Google putting an anti virus scanner for Android in play

Google is eager to improve security on its Android app marketplace, and the company is now allegedly  working on a new technology framework designed to scan apps on Android-based devices and check if they include malware, adware, spyware or other kind of malicious code.

The “Google Android antivirus” news surfaced from the teardown of the new Google Play Store app (version 3.9.16): the .apk package contains strings referring to the couple of components that should form the antimalware framework, ie an “app check” to test all the apps already installed on the device and the an “app blocker” to actively control downloads in search for malicious and/or harmful code.

Speculations suggest that the client-side antivirus API could work in tandem with Bouncer, the server-side, automated monitoring service created by Google to block spreading of malicious apps within the Play marketplace. It this regard, Google will surely benefit from the recent acquisition of on-line antimalware service VirusTotal.

If the Play antivirus speculations proved to be true, Google would have a perfect timing in working on the new Android API: the security situation on the mobile OS marketplace is deteriorating quickly, so much that even the FBI-backed Internet Crime Complaint Center (IC3) recently issued an Intelligence Note warning users against the latest waves of “malware attacking” Android devices including the information-stealing Loozfon and the uber-spyware and spying agent FinFisher.

Source: ZDNet

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19 Comments

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KSib said,
Are apps not scanned when developers upload them?

Yes, that's what "Bouncer" mentioned in the article does. The news here is that Google is apparently adding a client side component as well. This may seem redundant and indeed if you only ever install apps from the market it may largely be (though you could still get hit by browser exploits, email attachments, and the like) but keep in mind that Google is not a "walled garden" like Windows Phone or iOS and you can install apps from anywhere (if you change that setting). This would allow them to scan for malware from sources other than the Google store.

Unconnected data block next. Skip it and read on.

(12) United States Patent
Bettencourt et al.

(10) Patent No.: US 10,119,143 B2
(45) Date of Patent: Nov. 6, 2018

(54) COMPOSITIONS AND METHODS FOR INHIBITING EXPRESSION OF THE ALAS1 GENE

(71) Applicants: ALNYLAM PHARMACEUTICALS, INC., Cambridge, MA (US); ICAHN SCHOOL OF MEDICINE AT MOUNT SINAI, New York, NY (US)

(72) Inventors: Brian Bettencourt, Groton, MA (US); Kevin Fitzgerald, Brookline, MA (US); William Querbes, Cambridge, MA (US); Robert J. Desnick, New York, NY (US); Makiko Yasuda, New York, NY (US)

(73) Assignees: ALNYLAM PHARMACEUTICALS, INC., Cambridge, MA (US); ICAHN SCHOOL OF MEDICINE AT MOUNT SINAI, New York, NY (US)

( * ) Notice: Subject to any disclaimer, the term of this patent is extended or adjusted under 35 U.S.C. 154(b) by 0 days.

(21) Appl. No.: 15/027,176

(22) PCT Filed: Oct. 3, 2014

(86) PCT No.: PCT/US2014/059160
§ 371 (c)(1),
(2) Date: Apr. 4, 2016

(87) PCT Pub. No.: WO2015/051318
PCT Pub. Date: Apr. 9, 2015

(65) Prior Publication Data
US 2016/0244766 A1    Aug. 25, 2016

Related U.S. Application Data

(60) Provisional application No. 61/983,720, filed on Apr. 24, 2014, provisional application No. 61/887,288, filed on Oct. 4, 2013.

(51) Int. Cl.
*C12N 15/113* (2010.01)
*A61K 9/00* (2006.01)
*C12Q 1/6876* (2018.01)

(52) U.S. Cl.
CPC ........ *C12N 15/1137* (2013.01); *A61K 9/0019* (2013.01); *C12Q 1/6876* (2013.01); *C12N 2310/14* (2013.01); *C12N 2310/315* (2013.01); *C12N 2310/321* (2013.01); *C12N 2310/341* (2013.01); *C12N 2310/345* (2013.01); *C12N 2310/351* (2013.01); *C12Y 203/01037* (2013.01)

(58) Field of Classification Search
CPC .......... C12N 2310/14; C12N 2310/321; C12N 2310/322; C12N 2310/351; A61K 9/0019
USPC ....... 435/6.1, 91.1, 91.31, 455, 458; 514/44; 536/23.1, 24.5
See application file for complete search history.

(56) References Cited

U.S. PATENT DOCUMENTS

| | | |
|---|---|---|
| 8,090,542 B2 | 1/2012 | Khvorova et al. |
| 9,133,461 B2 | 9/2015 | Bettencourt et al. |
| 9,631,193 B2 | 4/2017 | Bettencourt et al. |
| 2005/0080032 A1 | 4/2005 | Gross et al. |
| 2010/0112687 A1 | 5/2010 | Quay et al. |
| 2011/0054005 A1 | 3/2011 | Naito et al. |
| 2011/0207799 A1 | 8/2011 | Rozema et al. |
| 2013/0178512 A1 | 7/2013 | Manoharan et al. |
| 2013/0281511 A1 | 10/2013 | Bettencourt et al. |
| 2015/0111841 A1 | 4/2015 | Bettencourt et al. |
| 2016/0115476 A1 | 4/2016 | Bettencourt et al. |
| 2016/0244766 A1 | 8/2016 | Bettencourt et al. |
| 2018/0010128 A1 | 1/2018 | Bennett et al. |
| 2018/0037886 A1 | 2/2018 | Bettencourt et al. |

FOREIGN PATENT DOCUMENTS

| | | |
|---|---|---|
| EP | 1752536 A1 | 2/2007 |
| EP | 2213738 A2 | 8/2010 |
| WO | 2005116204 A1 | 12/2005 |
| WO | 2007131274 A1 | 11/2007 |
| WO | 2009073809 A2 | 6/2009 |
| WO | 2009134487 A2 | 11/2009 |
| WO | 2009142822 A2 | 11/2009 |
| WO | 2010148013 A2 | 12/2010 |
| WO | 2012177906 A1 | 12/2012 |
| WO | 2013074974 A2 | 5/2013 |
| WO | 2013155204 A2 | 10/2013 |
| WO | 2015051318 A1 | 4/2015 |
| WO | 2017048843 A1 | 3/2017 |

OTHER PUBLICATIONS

Asmodai said,

Yes, that's what "Bouncer" mentioned in the article does. The news here is that Google is apparently adding a client side component as well. This may seem redundant and indeed if you only ever install apps from the market it may largely be (though you could still get hit by browser exploits, email attachments, and the like) but keep in mind that Google is not a "walled garden" like Windows Phone or iOS and you can install apps from anywhere (if you change that setting). This would allow them to scan for malware from sources other than the Google store.

This "Bouncer" still lets apps get into the Play Store, compared to iOS and WP.... Android is getting hit by malware as it where (using the comparison) the mid-90's with OSX vs Windows in terms of malware.(Android being Windows, just stating the obvious )

MidTxWRX said,
So now it's ok for google to go through my apps? That's invasion of privacy!

Google is scanning the App itself and not the userdata and configuration of your device. So no privacy invaded. In fact, it would be pretty useless to scan your confidential appdata since it can't contain a virus.

Don't worry. Google will casually look at your data and archive it for future use... Remember the MapCar IP packet capturing many years ago..

MidTxWRX said,
So now it's ok for google to go through my apps? That's invasion of privacy!

rippleman said,
odd how some stupid people are not crying "google is going through my apps invading my privacy"...

The person you are looking for is right below my comment

still1 said,

The person you are looking for is right below my comment

Who me? I think you mean the guy right below my comment.

CJ33 said,

Who me? I think you mean the guy right below my comment.

No, I think both of you are looking for the person below my comment.

You just did the WAH WAH WAH! You are looking for yourself! MUHAHAHA

rippleman said,
odd how some stupid people are not crying "google is going through my apps invading my privacy"...

Do other app platforms suffer from this or just a Google problem ?